Reflecting on creative practice

Professor Graham Mort continues his thoughts on his experiences with Lancaster's Pilot Project.

In the first of these articles on my experience of the Creative Exchange with the Digital Fiction Factory, based at Media City in Salford, I focused on the experience of interacting with the commercial sector as an academic. In this second article, I want to consider the effect of the projects on me as a creative practitioner. 


As I pointed out in that first article, the projects I worked on were subject to industrial copyright and it meant that I couldn’t ‘write up’ my involvement in the projects as research outputs. As a practitioner my personal research outputs have been poetry (including long poems and sequences) short fiction, and radio productions.


On the DFF project I became a jobbing writer creating speech bubbles for graphic storytelling, making visual narratives from selected video stills, devising puzzles, selecting narrative lines from complex multi-stranded video footage, devising branching narratives, writing new scenes for a popular TV series, even simulating 18th century legal documents for a historical drama.
It was a bewildering variety of writing and editing tasks, each performed under pressure against project deadlines, so that on any one day I might have been producing work for three entirely different productions. Not only that, but the way these new prototypes worked had to be envisaged across four digital platforms ranging from conventional TV to Internet TV, tablets and smart phones.

One interesting aspect of that process was the overturning of my out-dated concept of the user experience. Anxiety about the possibly isolating nature of experiencing TV alone was replaced by the realisation that users were being joined to an incredibly rich set of scientific, historical, social and cultural resources through the links we were building into the prototypes. Secondly, users were no longer experiencing TV in isolation but were simultaneously engaging with their peers through social media, so that issues in a TV programme might be trending on Twitter as users simultaneously watched and reflected upon the watching experience.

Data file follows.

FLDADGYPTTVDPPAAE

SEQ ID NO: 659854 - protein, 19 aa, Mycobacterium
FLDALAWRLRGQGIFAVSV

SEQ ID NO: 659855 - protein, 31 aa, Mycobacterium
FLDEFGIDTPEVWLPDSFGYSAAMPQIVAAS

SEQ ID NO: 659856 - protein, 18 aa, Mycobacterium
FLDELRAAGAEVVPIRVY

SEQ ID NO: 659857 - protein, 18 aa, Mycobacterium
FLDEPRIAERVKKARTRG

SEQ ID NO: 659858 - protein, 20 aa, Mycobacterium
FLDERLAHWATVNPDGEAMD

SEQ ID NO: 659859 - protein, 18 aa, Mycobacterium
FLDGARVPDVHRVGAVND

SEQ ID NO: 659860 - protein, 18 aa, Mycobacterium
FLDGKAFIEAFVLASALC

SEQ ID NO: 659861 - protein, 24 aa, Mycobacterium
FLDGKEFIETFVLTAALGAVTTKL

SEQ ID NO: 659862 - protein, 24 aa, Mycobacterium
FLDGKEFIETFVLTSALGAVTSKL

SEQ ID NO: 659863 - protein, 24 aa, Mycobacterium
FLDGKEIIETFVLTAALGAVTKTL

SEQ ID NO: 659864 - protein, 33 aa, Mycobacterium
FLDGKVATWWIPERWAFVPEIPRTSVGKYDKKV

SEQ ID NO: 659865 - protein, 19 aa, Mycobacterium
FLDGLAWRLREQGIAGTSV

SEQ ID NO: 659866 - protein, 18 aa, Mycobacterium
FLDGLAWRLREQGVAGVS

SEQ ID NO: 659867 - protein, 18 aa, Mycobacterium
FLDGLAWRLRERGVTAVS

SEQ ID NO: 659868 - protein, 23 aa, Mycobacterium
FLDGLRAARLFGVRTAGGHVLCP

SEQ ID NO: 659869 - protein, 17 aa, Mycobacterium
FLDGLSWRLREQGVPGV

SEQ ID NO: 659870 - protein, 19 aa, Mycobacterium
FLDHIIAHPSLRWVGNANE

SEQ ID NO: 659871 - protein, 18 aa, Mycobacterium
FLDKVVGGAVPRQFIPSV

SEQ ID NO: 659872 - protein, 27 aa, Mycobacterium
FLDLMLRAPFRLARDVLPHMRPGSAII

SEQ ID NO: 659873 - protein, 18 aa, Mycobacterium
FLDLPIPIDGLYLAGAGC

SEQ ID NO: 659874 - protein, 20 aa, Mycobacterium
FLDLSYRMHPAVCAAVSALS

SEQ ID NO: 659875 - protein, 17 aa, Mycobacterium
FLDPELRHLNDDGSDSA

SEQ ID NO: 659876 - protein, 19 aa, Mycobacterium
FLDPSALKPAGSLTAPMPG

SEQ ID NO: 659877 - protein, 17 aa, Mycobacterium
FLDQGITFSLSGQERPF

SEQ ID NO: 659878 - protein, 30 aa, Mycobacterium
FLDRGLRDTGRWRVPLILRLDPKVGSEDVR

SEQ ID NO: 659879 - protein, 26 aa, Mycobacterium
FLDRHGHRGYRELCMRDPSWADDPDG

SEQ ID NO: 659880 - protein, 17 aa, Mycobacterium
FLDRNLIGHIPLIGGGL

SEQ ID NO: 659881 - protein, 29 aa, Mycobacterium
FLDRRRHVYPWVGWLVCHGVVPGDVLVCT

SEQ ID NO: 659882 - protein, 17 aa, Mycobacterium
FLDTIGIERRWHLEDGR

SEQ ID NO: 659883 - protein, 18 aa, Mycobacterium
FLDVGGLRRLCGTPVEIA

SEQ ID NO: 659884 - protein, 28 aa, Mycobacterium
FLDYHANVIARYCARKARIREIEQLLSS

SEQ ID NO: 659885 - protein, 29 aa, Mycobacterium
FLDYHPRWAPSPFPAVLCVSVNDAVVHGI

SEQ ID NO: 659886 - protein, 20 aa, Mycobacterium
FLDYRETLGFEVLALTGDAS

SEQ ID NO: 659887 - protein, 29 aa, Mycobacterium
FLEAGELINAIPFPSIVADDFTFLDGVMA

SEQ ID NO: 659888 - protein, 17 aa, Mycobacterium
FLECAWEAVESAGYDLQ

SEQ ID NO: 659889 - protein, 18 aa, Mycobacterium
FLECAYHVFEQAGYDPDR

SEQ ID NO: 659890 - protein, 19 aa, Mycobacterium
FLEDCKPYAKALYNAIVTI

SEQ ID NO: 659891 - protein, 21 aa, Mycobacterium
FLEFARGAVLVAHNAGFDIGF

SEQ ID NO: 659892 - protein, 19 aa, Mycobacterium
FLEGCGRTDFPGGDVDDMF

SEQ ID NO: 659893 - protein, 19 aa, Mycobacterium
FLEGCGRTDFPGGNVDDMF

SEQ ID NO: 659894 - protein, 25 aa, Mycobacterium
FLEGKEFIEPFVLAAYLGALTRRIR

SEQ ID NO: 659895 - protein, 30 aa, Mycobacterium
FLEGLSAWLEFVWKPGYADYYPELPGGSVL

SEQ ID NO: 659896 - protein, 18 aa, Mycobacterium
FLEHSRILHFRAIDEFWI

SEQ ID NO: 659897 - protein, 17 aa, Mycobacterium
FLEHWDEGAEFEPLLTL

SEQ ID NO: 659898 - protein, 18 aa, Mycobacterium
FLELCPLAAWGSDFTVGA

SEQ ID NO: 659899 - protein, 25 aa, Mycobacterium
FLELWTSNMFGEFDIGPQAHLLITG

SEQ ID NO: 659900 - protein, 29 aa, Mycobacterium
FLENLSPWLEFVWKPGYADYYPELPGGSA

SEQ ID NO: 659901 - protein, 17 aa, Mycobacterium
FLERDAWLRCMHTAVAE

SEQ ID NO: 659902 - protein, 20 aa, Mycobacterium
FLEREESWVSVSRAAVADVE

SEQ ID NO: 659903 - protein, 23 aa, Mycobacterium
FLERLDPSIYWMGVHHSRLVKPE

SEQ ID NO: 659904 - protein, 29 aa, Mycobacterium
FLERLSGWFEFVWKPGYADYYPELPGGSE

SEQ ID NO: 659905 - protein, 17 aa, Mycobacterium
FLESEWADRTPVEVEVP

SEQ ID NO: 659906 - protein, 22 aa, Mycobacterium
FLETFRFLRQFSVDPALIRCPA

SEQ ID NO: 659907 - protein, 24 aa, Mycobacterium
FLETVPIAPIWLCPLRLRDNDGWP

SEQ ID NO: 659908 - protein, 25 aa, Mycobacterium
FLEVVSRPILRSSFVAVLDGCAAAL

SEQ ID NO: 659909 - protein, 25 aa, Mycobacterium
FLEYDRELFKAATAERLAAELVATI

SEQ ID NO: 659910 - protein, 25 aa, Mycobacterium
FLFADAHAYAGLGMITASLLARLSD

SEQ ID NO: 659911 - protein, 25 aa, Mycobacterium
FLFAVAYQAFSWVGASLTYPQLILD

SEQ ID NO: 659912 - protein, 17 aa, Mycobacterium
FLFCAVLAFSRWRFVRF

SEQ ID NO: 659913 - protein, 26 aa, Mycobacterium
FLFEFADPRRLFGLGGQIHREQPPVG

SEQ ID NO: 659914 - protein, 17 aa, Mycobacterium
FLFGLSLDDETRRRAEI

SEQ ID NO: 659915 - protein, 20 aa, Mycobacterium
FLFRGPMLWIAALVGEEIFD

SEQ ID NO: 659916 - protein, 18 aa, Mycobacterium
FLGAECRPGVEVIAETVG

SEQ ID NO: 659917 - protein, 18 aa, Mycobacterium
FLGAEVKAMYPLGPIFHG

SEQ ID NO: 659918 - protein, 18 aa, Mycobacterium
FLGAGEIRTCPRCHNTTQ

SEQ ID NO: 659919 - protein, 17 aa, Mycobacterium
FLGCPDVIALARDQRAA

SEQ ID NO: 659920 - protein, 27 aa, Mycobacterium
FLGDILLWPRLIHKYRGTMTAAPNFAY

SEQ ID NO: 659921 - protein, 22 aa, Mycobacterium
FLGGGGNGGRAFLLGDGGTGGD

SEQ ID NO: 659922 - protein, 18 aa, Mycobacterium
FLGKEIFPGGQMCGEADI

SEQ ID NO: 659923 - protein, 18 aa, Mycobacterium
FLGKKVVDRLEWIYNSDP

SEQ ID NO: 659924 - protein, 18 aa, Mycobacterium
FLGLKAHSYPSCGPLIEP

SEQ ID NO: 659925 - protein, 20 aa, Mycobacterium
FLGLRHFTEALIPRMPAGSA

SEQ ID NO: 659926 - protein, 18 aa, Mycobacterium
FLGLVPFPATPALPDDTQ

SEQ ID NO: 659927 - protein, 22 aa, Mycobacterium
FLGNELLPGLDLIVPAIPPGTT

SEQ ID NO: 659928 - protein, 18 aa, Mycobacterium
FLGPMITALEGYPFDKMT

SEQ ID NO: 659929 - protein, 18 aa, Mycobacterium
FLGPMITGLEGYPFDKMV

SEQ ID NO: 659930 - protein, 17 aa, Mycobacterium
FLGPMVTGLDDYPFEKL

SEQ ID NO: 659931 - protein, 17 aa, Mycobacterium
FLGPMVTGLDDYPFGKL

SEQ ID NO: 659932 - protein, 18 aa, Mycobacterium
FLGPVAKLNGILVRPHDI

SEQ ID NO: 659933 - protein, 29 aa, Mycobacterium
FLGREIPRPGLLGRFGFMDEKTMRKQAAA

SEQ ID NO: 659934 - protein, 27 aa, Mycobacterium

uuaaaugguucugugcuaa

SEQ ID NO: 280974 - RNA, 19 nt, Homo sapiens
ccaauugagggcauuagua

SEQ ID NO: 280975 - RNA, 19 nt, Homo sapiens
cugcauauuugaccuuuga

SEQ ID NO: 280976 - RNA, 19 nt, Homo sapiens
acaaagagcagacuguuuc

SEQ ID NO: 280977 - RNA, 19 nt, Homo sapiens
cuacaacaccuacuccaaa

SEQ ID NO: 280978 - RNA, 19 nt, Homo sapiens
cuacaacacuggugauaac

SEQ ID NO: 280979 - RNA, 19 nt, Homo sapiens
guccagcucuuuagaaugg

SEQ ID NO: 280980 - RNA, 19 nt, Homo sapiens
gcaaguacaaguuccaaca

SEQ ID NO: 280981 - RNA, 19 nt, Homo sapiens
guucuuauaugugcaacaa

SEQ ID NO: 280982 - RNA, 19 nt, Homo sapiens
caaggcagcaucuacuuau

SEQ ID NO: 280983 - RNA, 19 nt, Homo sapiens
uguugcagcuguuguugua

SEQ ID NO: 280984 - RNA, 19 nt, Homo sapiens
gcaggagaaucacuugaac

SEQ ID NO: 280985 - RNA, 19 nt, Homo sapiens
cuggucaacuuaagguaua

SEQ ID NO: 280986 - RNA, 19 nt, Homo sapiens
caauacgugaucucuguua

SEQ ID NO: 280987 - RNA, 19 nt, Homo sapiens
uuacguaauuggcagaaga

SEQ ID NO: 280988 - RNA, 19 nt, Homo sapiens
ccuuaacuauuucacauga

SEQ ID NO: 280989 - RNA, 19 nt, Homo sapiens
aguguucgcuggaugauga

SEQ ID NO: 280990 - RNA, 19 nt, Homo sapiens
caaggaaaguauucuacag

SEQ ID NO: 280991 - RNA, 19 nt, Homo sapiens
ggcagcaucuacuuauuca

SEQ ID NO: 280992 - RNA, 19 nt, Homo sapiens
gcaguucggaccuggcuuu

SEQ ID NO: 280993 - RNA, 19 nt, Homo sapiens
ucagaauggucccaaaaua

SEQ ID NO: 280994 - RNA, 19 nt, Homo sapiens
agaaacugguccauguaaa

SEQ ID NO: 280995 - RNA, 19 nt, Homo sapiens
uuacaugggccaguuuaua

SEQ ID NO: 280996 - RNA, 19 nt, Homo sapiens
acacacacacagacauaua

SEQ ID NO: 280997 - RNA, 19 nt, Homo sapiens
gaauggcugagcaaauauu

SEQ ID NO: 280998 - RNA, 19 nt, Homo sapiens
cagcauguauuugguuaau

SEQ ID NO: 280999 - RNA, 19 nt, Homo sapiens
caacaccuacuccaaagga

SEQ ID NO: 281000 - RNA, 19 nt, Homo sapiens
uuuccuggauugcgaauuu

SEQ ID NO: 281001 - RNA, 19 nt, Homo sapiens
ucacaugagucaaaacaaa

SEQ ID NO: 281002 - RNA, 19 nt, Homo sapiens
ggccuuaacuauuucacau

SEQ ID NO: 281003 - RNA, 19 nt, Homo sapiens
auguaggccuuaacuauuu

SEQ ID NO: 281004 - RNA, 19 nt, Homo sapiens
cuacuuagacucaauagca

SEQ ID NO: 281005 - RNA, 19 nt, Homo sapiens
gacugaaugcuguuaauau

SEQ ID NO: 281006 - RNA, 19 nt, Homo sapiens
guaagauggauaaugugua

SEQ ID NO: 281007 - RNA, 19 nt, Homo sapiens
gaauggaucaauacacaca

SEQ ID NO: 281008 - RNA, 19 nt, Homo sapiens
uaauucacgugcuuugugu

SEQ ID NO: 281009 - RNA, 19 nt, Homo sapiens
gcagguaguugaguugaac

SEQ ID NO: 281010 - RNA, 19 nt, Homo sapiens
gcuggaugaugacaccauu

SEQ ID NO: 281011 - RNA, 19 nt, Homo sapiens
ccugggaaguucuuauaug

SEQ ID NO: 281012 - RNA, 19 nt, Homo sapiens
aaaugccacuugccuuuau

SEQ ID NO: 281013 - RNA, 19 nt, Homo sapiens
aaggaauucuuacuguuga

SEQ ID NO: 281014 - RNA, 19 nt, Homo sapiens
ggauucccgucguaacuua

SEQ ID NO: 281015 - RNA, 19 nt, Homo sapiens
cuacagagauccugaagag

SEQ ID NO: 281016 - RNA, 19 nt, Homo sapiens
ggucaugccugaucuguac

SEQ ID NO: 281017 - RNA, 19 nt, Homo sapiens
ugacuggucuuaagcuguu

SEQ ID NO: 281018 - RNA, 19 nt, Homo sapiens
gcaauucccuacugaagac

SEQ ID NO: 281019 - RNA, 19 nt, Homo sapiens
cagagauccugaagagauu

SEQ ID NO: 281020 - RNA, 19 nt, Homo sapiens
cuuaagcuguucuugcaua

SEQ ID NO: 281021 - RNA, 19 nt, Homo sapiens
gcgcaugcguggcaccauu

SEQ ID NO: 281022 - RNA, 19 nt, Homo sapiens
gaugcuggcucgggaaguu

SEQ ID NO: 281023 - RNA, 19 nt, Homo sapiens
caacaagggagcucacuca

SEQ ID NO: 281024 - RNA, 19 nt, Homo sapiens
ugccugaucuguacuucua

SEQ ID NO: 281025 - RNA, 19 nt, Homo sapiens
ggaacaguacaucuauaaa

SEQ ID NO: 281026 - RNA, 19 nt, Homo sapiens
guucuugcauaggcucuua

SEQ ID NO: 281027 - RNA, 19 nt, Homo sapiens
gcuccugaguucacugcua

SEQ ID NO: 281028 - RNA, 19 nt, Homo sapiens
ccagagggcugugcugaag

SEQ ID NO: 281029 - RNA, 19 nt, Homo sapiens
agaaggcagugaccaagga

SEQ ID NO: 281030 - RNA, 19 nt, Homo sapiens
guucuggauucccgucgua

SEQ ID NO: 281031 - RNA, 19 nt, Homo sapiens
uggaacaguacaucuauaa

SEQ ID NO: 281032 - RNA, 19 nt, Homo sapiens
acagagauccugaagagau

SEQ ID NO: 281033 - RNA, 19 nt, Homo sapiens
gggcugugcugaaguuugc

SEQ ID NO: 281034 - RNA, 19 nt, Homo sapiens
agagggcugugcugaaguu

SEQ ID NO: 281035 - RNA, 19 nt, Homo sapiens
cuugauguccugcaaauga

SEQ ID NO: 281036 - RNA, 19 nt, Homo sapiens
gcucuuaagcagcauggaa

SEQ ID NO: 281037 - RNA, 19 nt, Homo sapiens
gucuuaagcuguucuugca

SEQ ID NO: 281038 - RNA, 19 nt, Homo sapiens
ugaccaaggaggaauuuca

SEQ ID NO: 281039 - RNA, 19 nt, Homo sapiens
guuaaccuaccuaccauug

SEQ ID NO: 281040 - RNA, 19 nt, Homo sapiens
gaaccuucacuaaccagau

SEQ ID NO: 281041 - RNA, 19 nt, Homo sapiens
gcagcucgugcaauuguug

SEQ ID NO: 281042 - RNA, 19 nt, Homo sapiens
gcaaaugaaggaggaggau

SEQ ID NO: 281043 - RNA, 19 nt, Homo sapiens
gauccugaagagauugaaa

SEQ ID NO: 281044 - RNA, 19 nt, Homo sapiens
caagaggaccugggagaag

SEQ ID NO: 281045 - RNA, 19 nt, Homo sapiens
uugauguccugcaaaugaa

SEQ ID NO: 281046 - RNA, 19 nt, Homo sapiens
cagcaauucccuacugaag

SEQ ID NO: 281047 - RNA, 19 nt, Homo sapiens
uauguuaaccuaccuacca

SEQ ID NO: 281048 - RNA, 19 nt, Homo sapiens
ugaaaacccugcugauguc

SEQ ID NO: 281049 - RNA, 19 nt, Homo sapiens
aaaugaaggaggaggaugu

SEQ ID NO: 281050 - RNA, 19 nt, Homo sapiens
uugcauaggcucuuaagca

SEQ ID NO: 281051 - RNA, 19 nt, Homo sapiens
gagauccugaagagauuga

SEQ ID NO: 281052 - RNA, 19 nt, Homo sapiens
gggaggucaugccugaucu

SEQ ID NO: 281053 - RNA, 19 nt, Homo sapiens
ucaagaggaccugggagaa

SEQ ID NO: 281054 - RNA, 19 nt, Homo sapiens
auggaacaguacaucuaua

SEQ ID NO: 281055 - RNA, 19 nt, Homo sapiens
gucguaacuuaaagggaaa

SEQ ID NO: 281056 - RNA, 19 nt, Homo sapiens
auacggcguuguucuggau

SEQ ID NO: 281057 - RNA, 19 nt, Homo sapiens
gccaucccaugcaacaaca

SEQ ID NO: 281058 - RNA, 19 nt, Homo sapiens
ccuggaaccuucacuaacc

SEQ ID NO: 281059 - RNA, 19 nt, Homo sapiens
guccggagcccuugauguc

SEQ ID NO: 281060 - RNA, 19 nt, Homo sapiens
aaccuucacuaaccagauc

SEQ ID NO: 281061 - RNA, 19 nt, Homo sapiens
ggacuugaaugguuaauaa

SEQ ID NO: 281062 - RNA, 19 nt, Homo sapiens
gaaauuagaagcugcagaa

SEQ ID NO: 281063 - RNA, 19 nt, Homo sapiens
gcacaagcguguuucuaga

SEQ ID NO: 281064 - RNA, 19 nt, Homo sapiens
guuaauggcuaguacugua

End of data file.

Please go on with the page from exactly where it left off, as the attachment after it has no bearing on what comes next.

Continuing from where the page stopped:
That sense of the multiple responses of users – personal and public – was a very stimulating for a writer working in a field where new apps are being developed for literature so that readers can operate on the move and access menus of new writing. But the benefits that the challenges of the project brought were also more directly beneficial – though not always in direct ways. Working with video footage and TV drama was an obvious technical requirement where visual narrative, dialogue and dynamic editing were all needed to match the content and pace of the original footage we were augmenting. Branching narratives are also part and parcel of short fiction, though the process of running them as distinct alternative pathways was a new one.

What was most interesting to me was that what seemed the most remote form of practice within the projects – the making of graphic storybooks – proved to be the most stimulating. In poetry the word ‘stanza’ derives form the Italian word for ‘room’ and it quickly dawned on me that the pictorial frames in a storybook worked in analogous ways. Just like stanzas in a poem, frames in a storybook could contain action and imagery, or it could allow it to spill out of them through a form of visual ‘enjambment’. Making those connections helped me to work in a medium that at first seemed alien and also fed back into my notions of how poetry did – and could – work, both as a lyric and narrative medium and as a visual one with a marked spatial dimension.

Originally, I became involved in these DFF projects with some apprehension. My engagement came about partly because I felt that I wanted to contribute to this new work at Lancaster and partly because I knew that artists have to allow themselves to be challenged by new practice if they are to continue to develop. The immediate effects of my involvement have given way to a slow-burn conceptual affect – an exciting revival of my sense that creative techniques can be joined up into new forms of narrative and non-narrative meanings.